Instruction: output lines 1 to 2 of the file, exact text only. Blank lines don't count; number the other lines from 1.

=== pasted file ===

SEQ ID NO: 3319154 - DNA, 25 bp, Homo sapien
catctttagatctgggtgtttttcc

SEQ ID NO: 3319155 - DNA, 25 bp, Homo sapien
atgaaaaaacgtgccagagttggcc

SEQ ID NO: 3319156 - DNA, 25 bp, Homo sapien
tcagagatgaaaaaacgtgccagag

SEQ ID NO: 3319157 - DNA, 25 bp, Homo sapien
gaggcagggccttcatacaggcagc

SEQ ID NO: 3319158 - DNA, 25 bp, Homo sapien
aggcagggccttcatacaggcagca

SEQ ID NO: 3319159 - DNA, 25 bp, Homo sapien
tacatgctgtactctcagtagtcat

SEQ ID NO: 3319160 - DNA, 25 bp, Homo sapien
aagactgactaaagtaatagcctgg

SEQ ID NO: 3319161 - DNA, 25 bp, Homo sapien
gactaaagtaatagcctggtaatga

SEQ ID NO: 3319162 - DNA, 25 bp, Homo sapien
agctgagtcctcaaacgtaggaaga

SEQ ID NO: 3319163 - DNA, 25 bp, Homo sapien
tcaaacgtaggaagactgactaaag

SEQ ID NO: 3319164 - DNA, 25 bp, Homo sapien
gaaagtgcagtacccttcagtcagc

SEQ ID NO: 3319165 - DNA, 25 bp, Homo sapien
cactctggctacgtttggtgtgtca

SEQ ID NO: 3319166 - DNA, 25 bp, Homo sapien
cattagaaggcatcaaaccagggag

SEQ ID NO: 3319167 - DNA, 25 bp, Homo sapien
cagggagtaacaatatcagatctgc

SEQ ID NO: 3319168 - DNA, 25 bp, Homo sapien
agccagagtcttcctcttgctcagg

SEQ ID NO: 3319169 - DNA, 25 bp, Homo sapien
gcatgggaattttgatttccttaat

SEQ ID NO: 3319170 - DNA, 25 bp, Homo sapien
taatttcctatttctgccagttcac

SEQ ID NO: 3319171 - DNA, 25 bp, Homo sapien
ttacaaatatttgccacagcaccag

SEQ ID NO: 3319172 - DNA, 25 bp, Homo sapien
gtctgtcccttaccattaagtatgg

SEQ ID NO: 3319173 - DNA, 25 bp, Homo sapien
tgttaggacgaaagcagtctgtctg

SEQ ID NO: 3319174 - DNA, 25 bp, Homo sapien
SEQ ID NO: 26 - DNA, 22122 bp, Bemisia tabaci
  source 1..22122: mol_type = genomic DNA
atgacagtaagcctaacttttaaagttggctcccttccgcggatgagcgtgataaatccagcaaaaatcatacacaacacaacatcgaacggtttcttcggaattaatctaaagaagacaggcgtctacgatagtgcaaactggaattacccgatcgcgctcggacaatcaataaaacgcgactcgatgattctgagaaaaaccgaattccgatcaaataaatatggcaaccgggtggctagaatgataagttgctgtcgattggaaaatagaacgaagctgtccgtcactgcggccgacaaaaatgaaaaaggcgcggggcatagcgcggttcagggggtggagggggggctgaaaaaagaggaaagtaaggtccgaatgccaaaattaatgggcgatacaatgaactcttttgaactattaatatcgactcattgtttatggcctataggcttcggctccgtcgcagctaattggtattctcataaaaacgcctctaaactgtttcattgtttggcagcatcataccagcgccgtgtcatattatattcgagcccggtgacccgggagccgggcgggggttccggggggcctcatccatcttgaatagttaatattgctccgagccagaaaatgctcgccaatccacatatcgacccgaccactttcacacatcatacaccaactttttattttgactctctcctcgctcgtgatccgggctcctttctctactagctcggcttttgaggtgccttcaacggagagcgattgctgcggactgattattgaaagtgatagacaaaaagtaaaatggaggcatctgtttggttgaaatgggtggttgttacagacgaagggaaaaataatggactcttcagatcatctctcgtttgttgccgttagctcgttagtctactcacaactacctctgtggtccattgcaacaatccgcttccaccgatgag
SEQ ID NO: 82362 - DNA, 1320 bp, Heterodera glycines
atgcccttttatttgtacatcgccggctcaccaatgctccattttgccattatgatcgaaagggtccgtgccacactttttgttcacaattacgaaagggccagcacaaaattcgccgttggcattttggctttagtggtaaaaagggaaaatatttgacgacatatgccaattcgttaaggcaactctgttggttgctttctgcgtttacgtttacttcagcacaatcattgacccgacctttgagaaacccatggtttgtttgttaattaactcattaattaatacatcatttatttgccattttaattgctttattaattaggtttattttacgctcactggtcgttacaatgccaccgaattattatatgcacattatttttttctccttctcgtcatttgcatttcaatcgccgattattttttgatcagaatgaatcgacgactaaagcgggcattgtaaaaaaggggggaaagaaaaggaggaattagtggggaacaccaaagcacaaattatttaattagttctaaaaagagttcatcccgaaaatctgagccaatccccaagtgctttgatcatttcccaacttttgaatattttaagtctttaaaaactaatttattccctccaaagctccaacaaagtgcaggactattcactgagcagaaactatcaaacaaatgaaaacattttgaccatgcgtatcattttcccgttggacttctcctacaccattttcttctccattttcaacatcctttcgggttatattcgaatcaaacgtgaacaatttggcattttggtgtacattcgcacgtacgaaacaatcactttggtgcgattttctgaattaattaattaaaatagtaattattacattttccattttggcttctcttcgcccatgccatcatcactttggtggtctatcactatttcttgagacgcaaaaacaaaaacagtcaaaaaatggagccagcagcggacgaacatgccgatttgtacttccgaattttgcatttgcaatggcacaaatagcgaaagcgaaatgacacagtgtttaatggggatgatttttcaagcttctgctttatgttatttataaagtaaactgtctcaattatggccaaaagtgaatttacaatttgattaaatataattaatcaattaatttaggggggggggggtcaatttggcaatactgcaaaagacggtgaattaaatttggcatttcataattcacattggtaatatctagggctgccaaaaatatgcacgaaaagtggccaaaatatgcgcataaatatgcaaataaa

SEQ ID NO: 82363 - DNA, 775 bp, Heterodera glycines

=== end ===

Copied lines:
SEQ ID NO: 3319154 - DNA, 25 bp, Homo sapien
catctttagatctgggtgtttttcc